22. ^ Klein, Naomi (2007). The Shock Doctrine. New York: Picador. p. 126. ISBN 978-0312427993. 
  23. ^ Stanley, Ruth (2006). "Predatory States. Operation Condor and Covert War in Latin America/When States Kill. Latin America, the U.S., and Technologies of Terror". Journal of Third World Studies. Retrieved 24 October 2007. 
  24. ^ "CIA acknowledges involvement in Allende's overthrow, Pinochet's rise". BBC News. 19 September 2000. Archived from the original (– search) on 8 November 2007. Retrieved 5 December 2007. 
  25. ^ "World Publics Reject US Role as the World Leader" (PDF). The Chicago Council on Public Affairs. April 2007. Archived from the original (PDF) on 2013-04-20. 
  26. ^ "Argentina: Opinion of the United States". Pew Research Center. 2012. 
  27. ^ "Argentina: Opinion of Americans (Unfavorable) – Indicators Database | Pew Research Center's Global Attitudes Project". Pewglobal.org. Retrieved 2014-08-18. 
  28. ^ Levitsky, Steven and Kenneth Roberts. The Resurgence of the Latin American Left. Baltimore: the Johns Hopkins University Press.
  29. ^ Levitsky, Ibid
  30. ^ Rodriguez, Robert G. (2014). "Re-Assessing the Rise of the Latin American Left" (PDF). The Midsouth Political Science Review. Arkansas Political Science Association. 15 (1): 59. ISSN 2330-6882.
  31. ^ Levitsky, Ibid
  32. ^ McMaken, Ryan (2016). Latin America's Pink Tide Crashes On The Rocks. Mises Institute. 
  33. ^ a b Noel, Andrea (29 December 2015). "The Year the 'Pink Tide' Turned: Latin America in 2015 | VICE News". VICE News. Retrieved 30 December 2015. 
  34. ^ Miroff, Nick (28 January 2014). "Latin America's political right in decline as leftist governments move to middle". the Guardian. 
  35. ^ Reid, Michael (Sep–Oct 2015). "Obama and Latin America: A Promising Day in the Neighborhood". Foreign Affairs. 94 (5): 45–53. ... half a dozen countries, led by Venezuelan President Hugo Chávez, formed a hard-left anti-American bloc with authoritarian tendencies...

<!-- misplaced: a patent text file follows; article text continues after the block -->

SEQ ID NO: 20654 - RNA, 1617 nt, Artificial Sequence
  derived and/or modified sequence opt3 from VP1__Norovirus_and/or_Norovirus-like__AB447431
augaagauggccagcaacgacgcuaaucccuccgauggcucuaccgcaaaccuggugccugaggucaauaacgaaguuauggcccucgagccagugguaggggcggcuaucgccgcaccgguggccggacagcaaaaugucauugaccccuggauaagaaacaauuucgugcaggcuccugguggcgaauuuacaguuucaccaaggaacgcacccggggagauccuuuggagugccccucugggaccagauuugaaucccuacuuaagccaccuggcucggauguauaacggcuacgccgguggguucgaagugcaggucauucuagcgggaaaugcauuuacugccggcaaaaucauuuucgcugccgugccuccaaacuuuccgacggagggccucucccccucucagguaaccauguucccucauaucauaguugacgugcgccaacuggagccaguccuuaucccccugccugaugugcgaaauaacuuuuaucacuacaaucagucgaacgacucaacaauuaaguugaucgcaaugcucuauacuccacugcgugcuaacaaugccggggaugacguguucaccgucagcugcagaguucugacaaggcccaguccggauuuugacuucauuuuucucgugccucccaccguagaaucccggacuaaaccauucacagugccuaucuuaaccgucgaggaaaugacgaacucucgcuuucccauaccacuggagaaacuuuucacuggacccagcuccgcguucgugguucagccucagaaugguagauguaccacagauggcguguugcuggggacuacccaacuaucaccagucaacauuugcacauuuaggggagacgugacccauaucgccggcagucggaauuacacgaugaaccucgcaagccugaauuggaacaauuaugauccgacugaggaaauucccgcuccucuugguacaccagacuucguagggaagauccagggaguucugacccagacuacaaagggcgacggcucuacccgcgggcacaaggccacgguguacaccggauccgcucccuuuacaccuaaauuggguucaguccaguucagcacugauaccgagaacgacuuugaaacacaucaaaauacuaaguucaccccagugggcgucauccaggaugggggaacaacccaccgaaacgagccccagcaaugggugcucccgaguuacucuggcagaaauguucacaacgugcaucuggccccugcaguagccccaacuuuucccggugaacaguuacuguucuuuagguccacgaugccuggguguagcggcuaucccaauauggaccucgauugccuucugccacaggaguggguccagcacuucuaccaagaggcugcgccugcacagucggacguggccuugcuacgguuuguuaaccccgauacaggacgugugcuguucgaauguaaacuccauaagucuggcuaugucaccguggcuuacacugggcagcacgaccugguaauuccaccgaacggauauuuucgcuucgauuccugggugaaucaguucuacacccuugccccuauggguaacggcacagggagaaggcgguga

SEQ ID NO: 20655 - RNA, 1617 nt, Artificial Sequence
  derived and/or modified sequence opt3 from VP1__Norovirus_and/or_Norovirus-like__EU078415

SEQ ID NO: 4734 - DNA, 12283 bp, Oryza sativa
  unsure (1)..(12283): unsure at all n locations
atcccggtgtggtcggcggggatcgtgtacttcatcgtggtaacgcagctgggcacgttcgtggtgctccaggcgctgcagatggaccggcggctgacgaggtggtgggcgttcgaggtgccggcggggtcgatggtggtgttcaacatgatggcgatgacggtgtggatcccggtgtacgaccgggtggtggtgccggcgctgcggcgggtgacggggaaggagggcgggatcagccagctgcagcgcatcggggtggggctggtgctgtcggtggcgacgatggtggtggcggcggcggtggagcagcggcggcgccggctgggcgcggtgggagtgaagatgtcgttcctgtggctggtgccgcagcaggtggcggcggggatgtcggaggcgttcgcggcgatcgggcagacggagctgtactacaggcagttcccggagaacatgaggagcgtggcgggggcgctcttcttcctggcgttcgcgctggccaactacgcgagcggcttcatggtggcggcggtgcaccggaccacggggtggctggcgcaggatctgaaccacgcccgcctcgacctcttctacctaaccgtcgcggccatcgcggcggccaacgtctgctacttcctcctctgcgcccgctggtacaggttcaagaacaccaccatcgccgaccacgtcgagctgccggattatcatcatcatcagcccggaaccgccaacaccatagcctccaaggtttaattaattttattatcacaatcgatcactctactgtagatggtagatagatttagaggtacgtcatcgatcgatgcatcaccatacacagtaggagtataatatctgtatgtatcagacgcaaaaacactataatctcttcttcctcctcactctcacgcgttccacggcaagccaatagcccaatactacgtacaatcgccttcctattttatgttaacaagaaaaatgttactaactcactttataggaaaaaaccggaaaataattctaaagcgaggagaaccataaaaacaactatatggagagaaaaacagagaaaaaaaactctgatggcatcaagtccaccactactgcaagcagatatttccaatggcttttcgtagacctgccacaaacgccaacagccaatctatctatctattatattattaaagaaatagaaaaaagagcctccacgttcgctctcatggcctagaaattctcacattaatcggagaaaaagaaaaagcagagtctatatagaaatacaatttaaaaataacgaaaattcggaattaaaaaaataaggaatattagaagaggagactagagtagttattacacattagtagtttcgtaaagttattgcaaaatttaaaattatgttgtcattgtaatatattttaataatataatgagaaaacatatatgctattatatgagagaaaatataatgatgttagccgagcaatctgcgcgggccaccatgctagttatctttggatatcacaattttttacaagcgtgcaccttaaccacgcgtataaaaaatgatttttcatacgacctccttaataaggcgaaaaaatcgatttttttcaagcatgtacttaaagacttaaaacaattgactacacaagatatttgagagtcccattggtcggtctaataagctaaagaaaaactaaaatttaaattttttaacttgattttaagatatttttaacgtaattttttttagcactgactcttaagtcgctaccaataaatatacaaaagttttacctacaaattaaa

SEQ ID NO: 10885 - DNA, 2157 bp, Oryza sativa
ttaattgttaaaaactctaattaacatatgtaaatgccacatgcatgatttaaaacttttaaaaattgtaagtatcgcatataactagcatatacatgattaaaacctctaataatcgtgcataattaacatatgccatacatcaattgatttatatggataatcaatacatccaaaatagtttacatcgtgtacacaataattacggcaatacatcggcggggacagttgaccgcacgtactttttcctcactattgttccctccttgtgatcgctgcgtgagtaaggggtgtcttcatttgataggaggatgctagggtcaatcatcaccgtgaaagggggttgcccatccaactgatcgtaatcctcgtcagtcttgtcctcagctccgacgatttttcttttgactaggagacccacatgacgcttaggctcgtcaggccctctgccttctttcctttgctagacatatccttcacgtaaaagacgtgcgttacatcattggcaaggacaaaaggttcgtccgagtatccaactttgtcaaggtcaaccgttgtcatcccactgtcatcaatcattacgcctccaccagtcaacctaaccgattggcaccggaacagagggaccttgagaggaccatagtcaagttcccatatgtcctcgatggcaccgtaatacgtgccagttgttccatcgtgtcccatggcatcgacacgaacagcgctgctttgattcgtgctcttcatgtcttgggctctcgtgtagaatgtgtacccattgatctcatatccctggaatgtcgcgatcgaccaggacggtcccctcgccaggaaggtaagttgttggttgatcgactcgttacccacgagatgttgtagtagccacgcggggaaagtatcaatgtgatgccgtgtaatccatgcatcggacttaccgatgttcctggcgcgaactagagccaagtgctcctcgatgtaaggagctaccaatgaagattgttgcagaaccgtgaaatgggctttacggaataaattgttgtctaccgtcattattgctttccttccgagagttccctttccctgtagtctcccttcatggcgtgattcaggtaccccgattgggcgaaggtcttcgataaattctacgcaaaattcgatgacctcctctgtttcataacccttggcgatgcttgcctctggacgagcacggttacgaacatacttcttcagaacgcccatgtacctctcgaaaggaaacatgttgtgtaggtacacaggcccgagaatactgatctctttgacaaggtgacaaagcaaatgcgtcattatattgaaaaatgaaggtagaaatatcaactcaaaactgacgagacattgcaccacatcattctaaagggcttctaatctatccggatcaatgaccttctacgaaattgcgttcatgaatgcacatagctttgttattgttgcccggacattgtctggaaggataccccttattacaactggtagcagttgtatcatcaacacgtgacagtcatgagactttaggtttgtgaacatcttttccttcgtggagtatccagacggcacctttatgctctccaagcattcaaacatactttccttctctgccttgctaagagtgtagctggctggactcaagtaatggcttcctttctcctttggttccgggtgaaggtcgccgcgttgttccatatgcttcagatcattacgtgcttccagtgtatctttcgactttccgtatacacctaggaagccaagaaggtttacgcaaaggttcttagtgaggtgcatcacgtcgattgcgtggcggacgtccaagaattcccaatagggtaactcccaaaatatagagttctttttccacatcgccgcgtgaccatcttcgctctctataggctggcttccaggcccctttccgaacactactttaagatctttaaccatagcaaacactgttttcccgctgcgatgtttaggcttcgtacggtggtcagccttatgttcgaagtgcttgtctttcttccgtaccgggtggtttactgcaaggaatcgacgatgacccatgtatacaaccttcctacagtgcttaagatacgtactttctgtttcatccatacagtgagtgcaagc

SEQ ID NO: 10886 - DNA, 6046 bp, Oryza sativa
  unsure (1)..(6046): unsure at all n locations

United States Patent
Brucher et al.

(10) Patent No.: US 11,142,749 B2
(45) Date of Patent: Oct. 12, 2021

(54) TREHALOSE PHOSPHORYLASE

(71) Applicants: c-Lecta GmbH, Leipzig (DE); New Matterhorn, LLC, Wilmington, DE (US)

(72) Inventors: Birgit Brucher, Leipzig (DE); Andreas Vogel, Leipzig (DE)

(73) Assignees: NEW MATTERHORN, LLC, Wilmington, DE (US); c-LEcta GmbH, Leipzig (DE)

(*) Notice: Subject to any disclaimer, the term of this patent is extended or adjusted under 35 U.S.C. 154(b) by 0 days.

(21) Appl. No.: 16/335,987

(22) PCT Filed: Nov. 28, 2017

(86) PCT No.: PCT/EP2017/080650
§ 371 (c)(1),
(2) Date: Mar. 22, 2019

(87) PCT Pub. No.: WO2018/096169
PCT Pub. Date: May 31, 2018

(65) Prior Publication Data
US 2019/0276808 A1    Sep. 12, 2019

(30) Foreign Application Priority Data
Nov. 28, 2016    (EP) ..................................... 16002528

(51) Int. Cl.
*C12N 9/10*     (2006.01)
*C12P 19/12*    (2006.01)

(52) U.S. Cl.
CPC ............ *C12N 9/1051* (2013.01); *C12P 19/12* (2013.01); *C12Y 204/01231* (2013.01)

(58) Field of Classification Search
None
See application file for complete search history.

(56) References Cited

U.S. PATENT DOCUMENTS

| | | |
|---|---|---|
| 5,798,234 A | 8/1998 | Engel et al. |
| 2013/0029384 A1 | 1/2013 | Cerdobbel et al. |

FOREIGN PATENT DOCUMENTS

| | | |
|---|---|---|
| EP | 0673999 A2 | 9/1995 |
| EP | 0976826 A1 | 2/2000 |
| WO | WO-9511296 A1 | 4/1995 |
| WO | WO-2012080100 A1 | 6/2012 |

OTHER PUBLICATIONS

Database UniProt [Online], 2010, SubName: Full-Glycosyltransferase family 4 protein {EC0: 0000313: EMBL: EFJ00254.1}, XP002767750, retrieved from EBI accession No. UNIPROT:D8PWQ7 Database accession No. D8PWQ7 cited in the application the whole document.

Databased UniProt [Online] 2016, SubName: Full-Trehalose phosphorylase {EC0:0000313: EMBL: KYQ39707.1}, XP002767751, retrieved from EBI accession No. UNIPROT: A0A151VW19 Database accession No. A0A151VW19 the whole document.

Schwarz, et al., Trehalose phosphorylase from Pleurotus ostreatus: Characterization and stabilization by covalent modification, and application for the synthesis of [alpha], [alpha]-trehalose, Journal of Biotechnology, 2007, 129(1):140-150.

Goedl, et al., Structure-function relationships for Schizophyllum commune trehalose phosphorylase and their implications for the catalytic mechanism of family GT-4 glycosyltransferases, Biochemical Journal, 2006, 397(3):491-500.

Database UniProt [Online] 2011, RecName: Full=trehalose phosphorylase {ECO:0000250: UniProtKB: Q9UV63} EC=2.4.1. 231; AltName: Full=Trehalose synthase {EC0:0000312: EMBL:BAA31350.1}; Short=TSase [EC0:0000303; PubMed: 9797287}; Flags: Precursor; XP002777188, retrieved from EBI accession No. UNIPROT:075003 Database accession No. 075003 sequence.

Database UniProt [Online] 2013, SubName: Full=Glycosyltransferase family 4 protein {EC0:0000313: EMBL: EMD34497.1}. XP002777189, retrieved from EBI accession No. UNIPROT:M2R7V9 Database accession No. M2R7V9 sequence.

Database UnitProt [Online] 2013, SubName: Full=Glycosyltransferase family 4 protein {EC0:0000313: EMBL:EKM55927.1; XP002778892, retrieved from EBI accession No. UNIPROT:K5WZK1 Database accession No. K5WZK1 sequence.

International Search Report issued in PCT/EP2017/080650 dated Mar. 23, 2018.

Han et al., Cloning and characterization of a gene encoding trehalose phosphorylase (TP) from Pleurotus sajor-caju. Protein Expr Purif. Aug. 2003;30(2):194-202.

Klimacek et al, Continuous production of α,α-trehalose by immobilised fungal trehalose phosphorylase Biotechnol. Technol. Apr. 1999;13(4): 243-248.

36. ^ a b c Lopes, Dawisson Belém; de Faria, Carlos Aurélio Pimenta (Jan–Apr 2016). "When Foreign Policy Meets Social Demands in Latin America". Contexto Internacional (Literature review). Pontifícia Universidade Católica do Rio de Janeiro. 38 (1): 11–53. The fate of Latin America's left turn has been closely associated with the commodities boom (or supercycle) of the 2000s, largely due to rising demand from emerging markets, notably China. 
  37. ^ a b c Lansberg-Rodríguez, Daniel (Fall 2016). "Life after Populism? Reforms in the Wake of the Receding Pink Tide". Georgetown Journal of International Affairs. Georgetown University Press. 17 (2): 56–65. 
  38. ^ Fisher, Max; Taub, Amanda (1 April 2017). "How Does Populism Turn Authoritarian? Venezuela Is a Case in Point". The New York Times. Archived from the original on 2 April 2017. Retrieved 2 April 2017. 
  39. ^ a b c d e f Reid, Michael (2015). "Obama and Latin America: A Promising Day in the Neighborhood". Foreign Affairs. 94 (5): 45–53. As China industrialized in the first decade of the century, its demand for raw materials rose, pushing up the prices of South American minerals, fuels, and oilseeds. From 2000 to 2013, Chinese trade with Latin America rocketed from $12 billion to over $275 billion. ... Its loans have helped sustain leftist governments pursuing otherwise unsustainable policies in Argentina, Ecuador, and Venezuela, whose leaders welcomed Chinese aid as an alternative to the strict conditions imposed by the International Monetary Fund or the financial markets. ... The Chinese-fueled commodity boom, which ended only recently, lifted Latin America to new heights. The region -and especially South America- enjoyed faster economic growth, a steep fall in poverty, a decline in extreme income inequality, and a swelling of the middle class.